The Hindenburg goes down in flames in 1937. Markets today likely don’t do the same. Photo by Central Press/Getty Images.
No word conjures visions of disaster quite like Hindenburg—exploding airship! Great balls of fire! So it’s no wonder investors got jittery when the technical indicator known as the Hindenburg Omen flashed Friday—no one wants the market to crash like the ill-fated zeppelin. However, evidence overwhelmingly shows this indicator has little predictive power, and fundamentals suggest stocks aren’t nearing a crash—this bull market has room to run.
For those unfamiliar, the Hindenburg Omen claims a crash is nigh if: the NYSE’s 10-week moving average is rising, at least 2.5% of the exchange’s companies hit 52-week highs on the same day another 2.5%-plus hit 52-week lows, the new highs aren’t more than twice as high as the new lows, and fewer stocks are rising. Or, more simply, if the market overall is rising, but company performance diverges and market breadth is narrowing, the rally’s supposedly out of balance and thus out of gas.
The Omen has flashed at previous peaks and during bear markets. But it’s also given many more false reads than accurate. As shown in Exhibit 1, which shows all Hindenburg Omen flashes and the S&P 500 Price Index since 1/1/1986, only 7 of its 28 pre-2013 signals were accurate.
Exhibit 1: S&P 500 and the Hindenburg Omen
Sources: St. Louis Federal Reserve; “The Recent Hindenburg Omen Observation,” Robert McHugh, Safe Haven; The Wall Street Journal; as of 5/31/2013.
A 25% success ratio is hardly compelling. But the timing of the false reads further skewers the Hindenburg’s credibility. For instance, it flashed in August 2010, before about six months of gains. It also flashed in April 2006, 18 months before the bull market ended, and numerous times during the 1990s—a phenomenal time for long-term growth investors to be in stocks. Simply, the Hindenburg Omen’s not reliably predictive, and on balance, basing portfolio decisions on it alone would be folly—you might miss some downside, but you’d miss even more upside, and you’d likely not know when to reinvest.
That’s true, in our view, of all such indicators, positive or negative—Golden Cross, Death Cross, Stick Sandwich, Bullish Homing Pigeon, Force Index (don’t use it, Luke) and more. All are backward-looking and claim some pattern of recent price movement dictates future returns. But markets don’t move on what they’ve just done—they’re forward looking. Stocks today likely don’t care that 90 NYSE stocks hit new highs and 156 hit new lows on Friday after weeks of gains. Markets care about what’s to come—namely, whether reality exceeds investors’ expectations.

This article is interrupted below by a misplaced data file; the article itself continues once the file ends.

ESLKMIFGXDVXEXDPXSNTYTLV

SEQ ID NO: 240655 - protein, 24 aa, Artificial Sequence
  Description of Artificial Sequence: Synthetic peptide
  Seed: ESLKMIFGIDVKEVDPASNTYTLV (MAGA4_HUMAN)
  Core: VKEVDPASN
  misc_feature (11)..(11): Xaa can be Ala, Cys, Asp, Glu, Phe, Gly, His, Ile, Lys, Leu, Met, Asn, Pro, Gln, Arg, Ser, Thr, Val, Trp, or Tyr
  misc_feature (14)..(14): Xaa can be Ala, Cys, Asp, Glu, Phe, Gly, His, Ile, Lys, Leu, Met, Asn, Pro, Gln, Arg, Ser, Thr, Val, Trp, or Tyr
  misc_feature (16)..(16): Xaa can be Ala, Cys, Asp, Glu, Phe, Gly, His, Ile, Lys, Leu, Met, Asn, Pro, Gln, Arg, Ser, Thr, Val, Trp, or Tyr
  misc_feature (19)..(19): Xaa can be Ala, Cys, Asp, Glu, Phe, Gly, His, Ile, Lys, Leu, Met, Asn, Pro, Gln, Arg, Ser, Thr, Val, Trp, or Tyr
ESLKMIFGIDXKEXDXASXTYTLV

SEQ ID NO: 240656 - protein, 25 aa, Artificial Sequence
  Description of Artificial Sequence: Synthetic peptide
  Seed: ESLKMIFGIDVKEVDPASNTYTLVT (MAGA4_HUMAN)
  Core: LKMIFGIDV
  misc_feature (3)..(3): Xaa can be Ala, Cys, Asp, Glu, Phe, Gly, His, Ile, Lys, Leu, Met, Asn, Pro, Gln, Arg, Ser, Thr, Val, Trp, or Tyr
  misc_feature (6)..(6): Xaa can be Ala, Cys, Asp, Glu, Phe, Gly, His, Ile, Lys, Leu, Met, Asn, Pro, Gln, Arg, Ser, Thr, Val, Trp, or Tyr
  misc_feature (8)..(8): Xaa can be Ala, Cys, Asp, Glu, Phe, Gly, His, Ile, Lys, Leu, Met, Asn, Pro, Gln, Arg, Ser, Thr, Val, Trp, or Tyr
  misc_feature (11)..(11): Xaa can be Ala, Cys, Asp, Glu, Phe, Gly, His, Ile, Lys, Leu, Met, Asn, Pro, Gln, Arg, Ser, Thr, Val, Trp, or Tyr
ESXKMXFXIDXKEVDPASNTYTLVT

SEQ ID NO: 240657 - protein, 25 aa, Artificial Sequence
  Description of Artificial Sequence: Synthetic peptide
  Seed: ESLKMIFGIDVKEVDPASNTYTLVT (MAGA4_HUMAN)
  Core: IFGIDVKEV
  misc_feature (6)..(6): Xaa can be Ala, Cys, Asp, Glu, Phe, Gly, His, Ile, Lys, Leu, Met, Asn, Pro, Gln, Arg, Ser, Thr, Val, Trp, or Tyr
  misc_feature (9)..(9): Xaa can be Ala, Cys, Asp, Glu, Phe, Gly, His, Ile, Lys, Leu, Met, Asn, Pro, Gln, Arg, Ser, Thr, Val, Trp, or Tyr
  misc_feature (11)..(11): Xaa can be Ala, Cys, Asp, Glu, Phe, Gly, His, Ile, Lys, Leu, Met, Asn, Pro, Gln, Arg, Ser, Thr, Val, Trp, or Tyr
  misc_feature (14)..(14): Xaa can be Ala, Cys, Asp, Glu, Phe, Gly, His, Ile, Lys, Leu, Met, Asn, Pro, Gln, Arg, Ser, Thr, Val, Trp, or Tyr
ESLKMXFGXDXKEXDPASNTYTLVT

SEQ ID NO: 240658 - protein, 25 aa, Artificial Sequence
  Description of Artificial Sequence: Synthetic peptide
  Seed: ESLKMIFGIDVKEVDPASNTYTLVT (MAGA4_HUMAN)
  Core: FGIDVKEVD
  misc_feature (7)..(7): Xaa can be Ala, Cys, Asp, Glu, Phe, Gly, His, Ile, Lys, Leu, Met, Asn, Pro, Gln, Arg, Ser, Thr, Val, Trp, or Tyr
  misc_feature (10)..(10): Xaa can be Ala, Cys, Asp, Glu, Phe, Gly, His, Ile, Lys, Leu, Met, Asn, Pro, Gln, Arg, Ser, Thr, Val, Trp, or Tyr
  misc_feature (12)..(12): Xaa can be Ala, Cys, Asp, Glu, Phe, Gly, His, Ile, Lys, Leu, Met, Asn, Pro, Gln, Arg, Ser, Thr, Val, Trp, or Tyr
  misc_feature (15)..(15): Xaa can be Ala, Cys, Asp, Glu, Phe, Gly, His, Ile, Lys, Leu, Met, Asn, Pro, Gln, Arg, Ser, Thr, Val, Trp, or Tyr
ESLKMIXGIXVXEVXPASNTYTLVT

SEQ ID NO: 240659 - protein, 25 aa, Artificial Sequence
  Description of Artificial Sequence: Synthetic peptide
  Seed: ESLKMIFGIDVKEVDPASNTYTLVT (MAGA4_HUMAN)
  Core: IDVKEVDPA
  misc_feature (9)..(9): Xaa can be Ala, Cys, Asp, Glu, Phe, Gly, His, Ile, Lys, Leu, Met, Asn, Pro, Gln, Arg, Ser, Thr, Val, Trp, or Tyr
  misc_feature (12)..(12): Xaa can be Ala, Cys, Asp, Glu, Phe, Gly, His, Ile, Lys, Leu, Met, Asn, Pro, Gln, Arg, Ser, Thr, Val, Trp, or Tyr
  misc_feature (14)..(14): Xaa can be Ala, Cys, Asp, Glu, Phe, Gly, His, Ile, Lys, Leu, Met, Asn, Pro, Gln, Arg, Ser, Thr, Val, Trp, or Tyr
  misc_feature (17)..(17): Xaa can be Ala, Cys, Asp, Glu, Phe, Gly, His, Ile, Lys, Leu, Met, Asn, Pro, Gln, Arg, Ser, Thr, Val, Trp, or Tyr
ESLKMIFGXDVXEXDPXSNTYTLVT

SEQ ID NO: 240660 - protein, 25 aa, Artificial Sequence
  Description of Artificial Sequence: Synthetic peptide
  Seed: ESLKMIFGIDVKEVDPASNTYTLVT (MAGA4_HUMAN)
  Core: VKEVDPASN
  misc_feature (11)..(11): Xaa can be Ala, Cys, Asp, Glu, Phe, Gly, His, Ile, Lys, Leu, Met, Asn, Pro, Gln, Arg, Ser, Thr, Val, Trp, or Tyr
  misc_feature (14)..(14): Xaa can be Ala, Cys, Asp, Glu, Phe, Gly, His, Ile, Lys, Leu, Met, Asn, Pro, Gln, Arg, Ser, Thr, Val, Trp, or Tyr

Looking ahead, there likely remains plenty of room for reality to surprise to the upside. Sentiment’s turned optimistic in recent weeks, but it’s muted optimism and not universal—reality appears largely underappreciated. Future expectations seem cautious at best, and fear’s still prevalent. Many fret the Fed’s potential QE wind-down, believing QE’s the only thing supporting stocks—even though evidence overwhelmingly shows otherwise. There’s also chatter about rising interest rates hurting high-dividend stocks and a small recent uptick in mortgage rates choking off housing—both false fears, in our view, given the many drivers favoring blue chips globally and the fact mortgage rates remain near generational lows.
Meanwhile, corporate earnings keep rising, businesses are investing and buying back stock, banks are profitable and perhaps starting to lend a bit more, and the global economy remains in a sweet spot of fine growth and tame inflation—all bullish. That sentiment is only cautiously optimistic and fear persists suggests these positives aren’t yet fully reflected in stocks.
That’s not to say markets rise in a straight line from here—short-term wiggles are always possible, Hindenburg Omen or no. But overall, it seems highly unlikely stocks drop like a lead zeppelin. More likely, this bull market keeps chugging along